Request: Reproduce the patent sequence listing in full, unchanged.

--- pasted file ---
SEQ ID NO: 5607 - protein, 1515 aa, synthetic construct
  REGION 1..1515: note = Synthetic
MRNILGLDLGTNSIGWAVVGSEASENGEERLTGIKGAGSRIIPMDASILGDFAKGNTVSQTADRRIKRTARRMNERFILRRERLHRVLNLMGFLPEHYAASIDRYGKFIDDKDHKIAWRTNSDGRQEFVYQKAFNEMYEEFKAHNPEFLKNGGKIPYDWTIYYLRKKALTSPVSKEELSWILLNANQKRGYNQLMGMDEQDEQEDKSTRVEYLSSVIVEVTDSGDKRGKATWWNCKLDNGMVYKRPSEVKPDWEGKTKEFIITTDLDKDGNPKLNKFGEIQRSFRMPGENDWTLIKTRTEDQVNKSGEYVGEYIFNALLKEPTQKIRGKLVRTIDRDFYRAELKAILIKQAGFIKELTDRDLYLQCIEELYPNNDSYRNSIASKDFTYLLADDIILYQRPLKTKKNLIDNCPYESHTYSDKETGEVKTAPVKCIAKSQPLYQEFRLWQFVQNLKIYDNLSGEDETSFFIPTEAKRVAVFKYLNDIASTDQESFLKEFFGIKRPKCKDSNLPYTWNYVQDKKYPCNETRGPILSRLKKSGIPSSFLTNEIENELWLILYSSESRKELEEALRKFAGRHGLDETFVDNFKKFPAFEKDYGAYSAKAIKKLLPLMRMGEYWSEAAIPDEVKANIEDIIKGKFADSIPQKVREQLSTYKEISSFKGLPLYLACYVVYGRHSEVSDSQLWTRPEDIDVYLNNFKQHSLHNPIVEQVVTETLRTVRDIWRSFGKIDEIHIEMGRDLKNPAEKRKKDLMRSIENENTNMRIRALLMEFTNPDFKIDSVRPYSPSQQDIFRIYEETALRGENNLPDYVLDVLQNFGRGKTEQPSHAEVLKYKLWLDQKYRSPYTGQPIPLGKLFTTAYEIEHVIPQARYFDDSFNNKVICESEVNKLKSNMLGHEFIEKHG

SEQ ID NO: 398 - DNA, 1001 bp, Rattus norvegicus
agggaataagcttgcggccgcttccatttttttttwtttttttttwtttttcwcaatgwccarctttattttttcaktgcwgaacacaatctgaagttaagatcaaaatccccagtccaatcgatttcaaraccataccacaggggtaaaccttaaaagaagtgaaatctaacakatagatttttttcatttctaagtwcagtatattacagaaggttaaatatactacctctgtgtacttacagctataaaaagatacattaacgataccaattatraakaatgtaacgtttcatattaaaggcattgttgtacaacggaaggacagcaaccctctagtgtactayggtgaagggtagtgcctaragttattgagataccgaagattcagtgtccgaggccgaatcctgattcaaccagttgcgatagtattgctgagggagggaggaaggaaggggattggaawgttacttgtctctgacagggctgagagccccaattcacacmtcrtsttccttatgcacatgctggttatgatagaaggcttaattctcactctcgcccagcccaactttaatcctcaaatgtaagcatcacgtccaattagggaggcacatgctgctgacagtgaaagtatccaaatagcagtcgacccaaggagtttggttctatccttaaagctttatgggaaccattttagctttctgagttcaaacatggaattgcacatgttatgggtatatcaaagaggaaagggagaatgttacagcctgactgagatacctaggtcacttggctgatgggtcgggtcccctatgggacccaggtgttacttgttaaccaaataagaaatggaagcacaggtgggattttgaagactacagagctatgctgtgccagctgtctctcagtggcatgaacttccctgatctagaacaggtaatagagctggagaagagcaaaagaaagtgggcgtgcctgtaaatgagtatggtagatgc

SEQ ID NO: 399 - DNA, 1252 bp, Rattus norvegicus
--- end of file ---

SEQ ID NO: 5607 - protein, 1515 aa, synthetic construct
  REGION 1..1515: note = Synthetic
MRNILGLDLGTNSIGWAVVGSEASENGEERLTGIKGAGSRIIPMDASILGDFAKGNTVSQTADRRIKRTARRMNERFILRRERLHRVLNLMGFLPEHYAASIDRYGKFIDDKDHKIAWRTNSDGRQEFVYQKAFNEMYEEFKAHNPEFLKNGGKIPYDWTIYYLRKKALTSPVSKEELSWILLNANQKRGYNQLMGMDEQDEQEDKSTRVEYLSSVIVEVTDSGDKRGKATWWNCKLDNGMVYKRPSEVKPDWEGKTKEFIITTDLDKDGNPKLNKFGEIQRSFRMPGENDWTLIKTRTEDQVNKSGEYVGEYIFNALLKEPTQKIRGKLVRTIDRDFYRAELKAILIKQAGFIKELTDRDLYLQCIEELYPNNDSYRNSIASKDFTYLLADDIILYQRPLKTKKNLIDNCPYESHTYSDKETGEVKTAPVKCIAKSQPLYQEFRLWQFVQNLKIYDNLSGEDETSFFIPTEAKRVAVFKYLNDIASTDQESFLKEFFGIKRPKCKDSNLPYTWNYVQDKKYPCNETRGPILSRLKKSGIPSSFLTNEIENELWLILYSSESRKELEEALRKFAGRHGLDETFVDNFKKFPAFEKDYGAYSAKAIKKLLPLMRMGEYWSEAAIPDEVKANIEDIIKGKFADSIPQKVREQLSTYKEISSFKGLPLYLACYVVYGRHSEVSDSQLWTRPEDIDVYLNNFKQHSLHNPIVEQVVTETLRTVRDIWRSFGKIDEIHIEMGRDLKNPAEKRKKDLMRSIENENTNMRIRALLMEFTNPDFKIDSVRPYSPSQQDIFRIYEETALRGENNLPDYVLDVLQNFGRGKTEQPSHAEVLKYKLWLDQKYRSPYTGQPIPLGKLFTTAYEIEHVIPQARYFDDSFNNKVICESEVNKLKSNMLGHEFIEKHG

SEQ ID NO: 398 - DNA, 1001 bp, Rattus norvegicus
agggaataagcttgcggccgcttccatttttttttwtttttttttwtttttcwcaatgwccarctttattttttcaktgcwgaacacaatctgaagttaagatcaaaatccccagtccaatcgatttcaaraccataccacaggggtaaaccttaaaagaagtgaaatctaacakatagatttttttcatttctaagtwcagtatattacagaaggttaaatatactacctctgtgtacttacagctataaaaagatacattaacgataccaattatraakaatgtaacgtttcatattaaaggcattgttgtacaacggaaggacagcaaccctctagtgtactayggtgaagggtagtgcctaragttattgagataccgaagattcagtgtccgaggccgaatcctgattcaaccagttgcgatagtattgctgagggagggaggaaggaaggggattggaawgttacttgtctctgacagggctgagagccccaattcacacmtcrtsttccttatgcacatgctggttatgatagaaggcttaattctcactctcgcccagcccaactttaatcctcaaatgtaagcatcacgtccaattagggaggcacatgctgctgacagtgaaagtatccaaatagcagtcgacccaaggagtttggttctatccttaaagctttatgggaaccattttagctttctgagttcaaacatggaattgcacatgttatgggtatatcaaagaggaaagggagaatgttacagcctgactgagatacctaggtcacttggctgatgggtcgggtcccctatgggacccaggtgttacttgttaaccaaataagaaatggaagcacaggtgggattttgaagactacagagctatgctgtgccagctgtctctcagtggcatgaacttccctgatctagaacaggtaatagagctggagaagagcaaaagaaagtgggcgtgcctgtaaatgagtatggtagatgc

SEQ ID NO: 399 - DNA, 1252 bp, Rattus norvegicus